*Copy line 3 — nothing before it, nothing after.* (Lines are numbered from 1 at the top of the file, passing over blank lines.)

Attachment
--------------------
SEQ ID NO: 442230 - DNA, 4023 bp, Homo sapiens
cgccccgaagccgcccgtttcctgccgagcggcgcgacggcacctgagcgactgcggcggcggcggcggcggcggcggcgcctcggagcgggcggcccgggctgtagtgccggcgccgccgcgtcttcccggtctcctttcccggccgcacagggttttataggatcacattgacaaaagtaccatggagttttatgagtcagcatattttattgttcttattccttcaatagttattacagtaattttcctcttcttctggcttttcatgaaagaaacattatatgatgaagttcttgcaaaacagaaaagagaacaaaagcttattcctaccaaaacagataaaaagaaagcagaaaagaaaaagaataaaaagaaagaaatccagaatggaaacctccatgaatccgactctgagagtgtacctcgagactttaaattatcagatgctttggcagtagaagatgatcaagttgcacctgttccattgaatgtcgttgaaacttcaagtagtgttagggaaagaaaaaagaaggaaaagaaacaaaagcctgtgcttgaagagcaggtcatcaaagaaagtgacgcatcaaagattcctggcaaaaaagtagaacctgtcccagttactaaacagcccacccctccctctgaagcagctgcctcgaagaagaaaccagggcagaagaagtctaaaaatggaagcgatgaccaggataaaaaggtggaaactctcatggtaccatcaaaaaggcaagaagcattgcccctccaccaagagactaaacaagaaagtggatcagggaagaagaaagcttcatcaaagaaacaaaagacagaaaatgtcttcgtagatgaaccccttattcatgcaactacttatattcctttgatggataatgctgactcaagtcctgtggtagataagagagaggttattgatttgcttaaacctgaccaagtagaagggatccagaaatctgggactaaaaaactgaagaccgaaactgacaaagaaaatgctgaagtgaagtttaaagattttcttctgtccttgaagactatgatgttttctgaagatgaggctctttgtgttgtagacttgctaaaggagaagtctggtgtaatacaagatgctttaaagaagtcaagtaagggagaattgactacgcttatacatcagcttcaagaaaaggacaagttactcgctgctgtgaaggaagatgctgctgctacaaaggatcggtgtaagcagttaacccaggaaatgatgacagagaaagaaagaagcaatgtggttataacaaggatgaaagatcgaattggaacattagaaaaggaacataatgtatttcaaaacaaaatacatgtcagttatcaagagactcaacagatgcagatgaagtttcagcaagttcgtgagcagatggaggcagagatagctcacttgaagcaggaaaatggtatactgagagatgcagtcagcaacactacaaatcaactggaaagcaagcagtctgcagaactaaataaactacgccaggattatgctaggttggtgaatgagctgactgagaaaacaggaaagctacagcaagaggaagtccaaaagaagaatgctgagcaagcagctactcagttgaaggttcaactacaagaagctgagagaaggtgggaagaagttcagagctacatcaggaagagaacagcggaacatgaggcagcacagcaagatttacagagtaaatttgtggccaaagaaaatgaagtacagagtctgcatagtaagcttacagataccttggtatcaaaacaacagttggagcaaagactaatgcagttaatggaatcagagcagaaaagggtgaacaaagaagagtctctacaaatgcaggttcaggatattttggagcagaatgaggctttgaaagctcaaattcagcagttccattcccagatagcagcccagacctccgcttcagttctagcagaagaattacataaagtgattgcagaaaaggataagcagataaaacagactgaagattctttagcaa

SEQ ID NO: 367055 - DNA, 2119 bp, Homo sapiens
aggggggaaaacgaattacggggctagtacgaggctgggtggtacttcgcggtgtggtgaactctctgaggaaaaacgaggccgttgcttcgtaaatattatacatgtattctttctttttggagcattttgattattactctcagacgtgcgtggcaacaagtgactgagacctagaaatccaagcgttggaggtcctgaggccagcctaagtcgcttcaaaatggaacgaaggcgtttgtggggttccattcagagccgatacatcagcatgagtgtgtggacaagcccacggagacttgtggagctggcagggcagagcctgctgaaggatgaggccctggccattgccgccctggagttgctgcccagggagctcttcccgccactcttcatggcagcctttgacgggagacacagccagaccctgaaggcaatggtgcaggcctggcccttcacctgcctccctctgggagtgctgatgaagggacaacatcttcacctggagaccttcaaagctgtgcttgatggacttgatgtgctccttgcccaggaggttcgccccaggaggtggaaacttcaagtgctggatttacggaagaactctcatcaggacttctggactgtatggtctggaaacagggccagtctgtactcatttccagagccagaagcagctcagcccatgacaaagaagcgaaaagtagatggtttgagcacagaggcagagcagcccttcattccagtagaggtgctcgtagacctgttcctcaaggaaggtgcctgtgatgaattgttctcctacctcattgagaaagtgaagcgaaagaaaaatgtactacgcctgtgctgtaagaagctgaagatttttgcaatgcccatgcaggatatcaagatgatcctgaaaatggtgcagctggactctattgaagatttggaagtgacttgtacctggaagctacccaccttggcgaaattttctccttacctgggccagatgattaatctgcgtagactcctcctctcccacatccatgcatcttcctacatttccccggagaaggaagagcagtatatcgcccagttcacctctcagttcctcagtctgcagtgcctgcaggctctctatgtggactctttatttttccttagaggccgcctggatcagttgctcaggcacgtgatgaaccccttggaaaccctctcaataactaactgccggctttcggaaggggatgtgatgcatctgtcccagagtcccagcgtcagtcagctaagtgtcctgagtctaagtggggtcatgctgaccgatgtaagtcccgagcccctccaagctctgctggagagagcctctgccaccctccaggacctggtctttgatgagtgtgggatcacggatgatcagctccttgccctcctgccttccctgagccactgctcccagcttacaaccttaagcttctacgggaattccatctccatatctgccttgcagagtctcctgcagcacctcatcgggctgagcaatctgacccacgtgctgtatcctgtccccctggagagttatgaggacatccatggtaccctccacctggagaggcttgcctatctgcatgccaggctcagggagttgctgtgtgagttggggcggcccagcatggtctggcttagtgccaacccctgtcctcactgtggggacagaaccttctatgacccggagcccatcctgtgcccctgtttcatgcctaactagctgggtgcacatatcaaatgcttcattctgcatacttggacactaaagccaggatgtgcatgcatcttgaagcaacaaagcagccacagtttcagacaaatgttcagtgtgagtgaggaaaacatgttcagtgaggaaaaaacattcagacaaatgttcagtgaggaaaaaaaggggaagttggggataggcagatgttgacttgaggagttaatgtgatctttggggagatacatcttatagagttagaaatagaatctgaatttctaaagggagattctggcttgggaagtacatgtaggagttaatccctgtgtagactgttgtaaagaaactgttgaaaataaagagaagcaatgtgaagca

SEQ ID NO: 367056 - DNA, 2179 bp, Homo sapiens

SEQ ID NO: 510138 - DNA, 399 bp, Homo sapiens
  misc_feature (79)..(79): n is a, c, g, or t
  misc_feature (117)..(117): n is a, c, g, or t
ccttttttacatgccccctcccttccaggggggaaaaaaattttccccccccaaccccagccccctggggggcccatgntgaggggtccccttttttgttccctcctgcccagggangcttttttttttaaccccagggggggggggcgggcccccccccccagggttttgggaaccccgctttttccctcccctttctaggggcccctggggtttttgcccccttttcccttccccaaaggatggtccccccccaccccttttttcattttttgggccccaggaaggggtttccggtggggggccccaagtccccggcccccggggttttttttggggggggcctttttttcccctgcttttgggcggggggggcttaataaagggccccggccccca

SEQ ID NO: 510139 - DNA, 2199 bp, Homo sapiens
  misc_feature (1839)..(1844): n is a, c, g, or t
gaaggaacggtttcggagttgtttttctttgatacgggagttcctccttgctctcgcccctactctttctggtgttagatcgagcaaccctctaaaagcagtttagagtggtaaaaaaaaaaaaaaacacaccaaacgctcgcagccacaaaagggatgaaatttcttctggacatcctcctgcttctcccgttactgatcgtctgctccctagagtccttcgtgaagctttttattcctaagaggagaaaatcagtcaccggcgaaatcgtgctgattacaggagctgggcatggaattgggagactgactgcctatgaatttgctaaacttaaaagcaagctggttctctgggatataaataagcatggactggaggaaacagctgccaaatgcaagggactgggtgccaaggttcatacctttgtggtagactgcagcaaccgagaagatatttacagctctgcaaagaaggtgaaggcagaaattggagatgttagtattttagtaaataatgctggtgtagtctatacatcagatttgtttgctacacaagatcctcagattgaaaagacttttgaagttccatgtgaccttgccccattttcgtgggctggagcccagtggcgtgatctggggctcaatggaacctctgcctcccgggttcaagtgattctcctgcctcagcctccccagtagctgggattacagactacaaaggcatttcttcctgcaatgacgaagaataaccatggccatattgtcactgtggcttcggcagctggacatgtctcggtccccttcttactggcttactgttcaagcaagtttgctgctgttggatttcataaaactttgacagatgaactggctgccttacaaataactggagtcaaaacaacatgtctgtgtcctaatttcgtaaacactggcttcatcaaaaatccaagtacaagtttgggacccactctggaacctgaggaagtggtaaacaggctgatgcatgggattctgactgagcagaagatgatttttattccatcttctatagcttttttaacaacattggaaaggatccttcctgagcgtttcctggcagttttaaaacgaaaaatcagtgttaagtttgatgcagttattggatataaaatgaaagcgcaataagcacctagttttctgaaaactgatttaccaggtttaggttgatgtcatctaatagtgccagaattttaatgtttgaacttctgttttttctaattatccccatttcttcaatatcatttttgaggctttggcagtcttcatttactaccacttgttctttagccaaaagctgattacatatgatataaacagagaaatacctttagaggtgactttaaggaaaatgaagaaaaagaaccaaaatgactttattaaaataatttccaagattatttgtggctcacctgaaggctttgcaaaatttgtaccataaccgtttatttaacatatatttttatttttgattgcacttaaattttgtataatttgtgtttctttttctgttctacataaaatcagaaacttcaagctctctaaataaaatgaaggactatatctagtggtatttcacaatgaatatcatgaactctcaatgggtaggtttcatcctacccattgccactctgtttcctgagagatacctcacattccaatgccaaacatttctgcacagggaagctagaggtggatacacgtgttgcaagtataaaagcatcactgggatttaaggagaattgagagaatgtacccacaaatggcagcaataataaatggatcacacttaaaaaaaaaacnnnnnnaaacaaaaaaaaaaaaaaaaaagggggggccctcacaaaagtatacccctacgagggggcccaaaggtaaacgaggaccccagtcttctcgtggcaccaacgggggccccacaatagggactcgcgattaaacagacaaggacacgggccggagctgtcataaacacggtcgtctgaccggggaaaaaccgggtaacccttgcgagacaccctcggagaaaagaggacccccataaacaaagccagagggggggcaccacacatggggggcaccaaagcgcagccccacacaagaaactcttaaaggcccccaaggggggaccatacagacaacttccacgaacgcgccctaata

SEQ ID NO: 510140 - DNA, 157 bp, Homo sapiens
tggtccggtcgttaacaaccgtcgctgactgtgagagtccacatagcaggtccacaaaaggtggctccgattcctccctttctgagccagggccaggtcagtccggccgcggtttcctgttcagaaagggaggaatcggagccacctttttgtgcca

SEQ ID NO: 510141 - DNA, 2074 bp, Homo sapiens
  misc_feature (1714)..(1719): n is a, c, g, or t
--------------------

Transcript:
SEQ ID NO: 367055 - DNA, 2119 bp, Homo sapiens